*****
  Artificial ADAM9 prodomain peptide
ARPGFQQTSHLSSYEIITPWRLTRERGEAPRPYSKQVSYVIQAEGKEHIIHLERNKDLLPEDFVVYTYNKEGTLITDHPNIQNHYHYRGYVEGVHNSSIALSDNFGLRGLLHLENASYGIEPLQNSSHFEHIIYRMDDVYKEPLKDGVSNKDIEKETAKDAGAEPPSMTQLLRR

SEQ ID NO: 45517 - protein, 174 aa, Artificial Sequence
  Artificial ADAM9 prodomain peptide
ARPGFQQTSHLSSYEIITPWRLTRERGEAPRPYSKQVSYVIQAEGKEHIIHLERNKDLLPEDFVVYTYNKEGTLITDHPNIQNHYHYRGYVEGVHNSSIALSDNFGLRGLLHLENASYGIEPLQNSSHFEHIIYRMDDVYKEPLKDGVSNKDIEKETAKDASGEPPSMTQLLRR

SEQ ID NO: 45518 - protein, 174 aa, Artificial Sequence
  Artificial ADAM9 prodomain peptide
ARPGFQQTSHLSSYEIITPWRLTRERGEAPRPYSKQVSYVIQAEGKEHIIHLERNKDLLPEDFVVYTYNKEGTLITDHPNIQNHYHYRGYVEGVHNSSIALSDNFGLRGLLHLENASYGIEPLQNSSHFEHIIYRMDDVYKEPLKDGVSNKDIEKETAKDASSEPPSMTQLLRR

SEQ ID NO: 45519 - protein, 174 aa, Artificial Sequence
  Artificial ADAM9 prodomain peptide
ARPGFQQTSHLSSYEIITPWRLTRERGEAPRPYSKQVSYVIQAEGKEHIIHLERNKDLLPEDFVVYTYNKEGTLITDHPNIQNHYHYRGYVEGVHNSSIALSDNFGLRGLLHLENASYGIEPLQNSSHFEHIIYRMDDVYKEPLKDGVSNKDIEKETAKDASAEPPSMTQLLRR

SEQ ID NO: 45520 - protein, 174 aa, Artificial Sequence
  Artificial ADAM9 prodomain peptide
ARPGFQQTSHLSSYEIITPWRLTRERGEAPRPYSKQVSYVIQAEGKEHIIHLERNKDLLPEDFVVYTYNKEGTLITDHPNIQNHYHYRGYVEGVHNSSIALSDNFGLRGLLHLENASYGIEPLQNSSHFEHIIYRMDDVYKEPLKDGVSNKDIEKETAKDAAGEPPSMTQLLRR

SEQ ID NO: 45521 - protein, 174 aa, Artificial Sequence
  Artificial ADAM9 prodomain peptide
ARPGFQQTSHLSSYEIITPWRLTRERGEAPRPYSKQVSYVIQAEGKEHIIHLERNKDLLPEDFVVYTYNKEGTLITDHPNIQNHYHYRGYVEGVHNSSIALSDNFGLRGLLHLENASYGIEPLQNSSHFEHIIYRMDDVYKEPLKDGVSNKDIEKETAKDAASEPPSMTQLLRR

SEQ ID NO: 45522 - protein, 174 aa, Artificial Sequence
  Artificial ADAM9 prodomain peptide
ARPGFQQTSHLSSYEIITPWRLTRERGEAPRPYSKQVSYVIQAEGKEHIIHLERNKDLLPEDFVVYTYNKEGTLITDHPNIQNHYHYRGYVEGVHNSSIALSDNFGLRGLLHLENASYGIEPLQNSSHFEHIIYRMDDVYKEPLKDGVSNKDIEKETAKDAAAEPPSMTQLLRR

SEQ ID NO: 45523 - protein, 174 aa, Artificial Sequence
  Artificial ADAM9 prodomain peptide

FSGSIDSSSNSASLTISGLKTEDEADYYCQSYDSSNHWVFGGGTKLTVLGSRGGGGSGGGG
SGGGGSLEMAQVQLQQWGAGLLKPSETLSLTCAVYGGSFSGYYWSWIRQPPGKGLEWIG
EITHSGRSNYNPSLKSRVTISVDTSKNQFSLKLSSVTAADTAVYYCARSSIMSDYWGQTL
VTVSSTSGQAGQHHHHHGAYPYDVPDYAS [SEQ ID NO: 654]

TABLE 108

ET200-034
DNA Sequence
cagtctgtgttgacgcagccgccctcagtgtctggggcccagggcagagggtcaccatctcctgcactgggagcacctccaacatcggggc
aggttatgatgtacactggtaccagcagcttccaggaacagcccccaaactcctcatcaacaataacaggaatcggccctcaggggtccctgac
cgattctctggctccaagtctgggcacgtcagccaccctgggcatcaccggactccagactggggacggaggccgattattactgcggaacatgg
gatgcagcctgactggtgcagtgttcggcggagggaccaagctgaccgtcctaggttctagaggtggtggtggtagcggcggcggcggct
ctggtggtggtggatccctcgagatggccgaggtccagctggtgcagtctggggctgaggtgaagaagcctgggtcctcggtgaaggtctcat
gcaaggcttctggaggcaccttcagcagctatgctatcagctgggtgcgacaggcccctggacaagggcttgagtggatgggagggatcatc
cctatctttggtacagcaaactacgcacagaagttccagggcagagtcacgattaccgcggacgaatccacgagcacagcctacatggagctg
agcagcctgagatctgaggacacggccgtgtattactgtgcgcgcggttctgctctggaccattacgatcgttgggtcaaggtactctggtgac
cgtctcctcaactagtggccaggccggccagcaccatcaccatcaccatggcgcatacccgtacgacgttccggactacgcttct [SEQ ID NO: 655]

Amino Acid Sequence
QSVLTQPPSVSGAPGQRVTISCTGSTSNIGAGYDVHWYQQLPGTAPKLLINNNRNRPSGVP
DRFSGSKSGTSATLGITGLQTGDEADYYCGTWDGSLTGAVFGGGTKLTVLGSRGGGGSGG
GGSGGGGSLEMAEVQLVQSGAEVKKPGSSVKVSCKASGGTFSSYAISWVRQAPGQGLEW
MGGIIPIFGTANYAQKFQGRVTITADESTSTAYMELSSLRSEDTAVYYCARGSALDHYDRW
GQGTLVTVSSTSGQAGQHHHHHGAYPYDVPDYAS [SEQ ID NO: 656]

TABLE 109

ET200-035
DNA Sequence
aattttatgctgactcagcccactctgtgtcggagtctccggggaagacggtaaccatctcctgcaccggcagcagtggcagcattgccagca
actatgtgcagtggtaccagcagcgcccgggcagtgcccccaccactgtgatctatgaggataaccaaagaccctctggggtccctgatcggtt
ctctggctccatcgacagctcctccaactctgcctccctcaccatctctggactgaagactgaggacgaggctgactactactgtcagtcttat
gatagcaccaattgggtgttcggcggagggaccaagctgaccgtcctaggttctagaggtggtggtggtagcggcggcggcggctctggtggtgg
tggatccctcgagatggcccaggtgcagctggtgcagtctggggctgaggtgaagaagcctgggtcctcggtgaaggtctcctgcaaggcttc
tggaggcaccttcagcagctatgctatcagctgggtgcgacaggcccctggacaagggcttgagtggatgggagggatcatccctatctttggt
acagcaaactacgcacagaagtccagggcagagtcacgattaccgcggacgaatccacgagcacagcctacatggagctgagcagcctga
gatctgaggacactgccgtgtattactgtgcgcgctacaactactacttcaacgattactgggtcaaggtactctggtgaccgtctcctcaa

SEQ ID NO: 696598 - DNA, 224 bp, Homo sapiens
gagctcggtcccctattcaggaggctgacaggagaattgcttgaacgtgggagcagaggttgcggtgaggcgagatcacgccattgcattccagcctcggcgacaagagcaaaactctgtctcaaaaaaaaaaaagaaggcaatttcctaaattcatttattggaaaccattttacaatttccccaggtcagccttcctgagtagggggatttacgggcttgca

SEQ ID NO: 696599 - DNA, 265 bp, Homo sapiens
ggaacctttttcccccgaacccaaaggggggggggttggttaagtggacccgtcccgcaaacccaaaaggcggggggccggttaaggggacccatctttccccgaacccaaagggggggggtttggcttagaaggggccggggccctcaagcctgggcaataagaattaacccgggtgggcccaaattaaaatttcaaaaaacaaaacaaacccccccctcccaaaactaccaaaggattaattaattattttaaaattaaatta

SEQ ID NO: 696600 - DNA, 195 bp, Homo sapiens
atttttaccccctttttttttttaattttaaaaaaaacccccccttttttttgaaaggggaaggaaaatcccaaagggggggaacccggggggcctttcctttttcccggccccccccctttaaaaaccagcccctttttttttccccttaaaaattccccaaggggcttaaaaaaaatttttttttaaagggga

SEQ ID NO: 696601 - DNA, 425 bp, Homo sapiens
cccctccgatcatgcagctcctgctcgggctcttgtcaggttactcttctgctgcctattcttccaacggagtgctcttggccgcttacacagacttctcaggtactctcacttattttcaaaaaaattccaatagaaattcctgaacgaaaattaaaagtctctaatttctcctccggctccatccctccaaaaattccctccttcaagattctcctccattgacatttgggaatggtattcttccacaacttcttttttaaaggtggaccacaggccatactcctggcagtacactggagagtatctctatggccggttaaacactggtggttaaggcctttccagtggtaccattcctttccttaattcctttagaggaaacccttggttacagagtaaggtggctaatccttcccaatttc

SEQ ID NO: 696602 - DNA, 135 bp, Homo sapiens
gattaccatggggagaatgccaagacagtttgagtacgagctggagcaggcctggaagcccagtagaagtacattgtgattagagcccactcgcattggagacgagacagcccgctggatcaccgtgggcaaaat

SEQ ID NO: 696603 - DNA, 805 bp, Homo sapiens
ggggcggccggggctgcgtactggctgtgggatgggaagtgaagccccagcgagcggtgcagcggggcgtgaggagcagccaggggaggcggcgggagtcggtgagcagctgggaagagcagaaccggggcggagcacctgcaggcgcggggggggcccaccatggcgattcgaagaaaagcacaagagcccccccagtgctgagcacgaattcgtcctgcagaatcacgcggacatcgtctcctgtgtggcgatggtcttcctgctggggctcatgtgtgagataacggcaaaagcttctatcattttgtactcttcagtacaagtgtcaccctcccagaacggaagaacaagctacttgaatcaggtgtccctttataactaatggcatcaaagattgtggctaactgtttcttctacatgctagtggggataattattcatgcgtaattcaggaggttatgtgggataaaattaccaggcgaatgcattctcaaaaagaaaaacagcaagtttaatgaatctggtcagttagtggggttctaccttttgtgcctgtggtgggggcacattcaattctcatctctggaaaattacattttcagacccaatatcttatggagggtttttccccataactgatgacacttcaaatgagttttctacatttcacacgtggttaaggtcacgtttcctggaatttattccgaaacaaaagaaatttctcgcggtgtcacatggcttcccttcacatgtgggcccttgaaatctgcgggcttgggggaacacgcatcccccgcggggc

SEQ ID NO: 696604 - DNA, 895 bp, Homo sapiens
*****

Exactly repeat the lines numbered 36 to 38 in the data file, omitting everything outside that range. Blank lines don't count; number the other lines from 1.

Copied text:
cctatctttggtacagcaaactacgcacagaagttccagggcagagtcacgattaccgcggacgaatccacgagcacagcctacatggagctg
agcagcctgagatctgaggacacggccgtgtattactgtgcgcgcggttctgctctggaccattacgatcgttgggtcaaggtactctggtgac
cgtctcctcaactagtggccaggccggccagcaccatcaccatcaccatggcgcatacccgtacgacgttccggactacgcttct [SEQ ID NO: 655]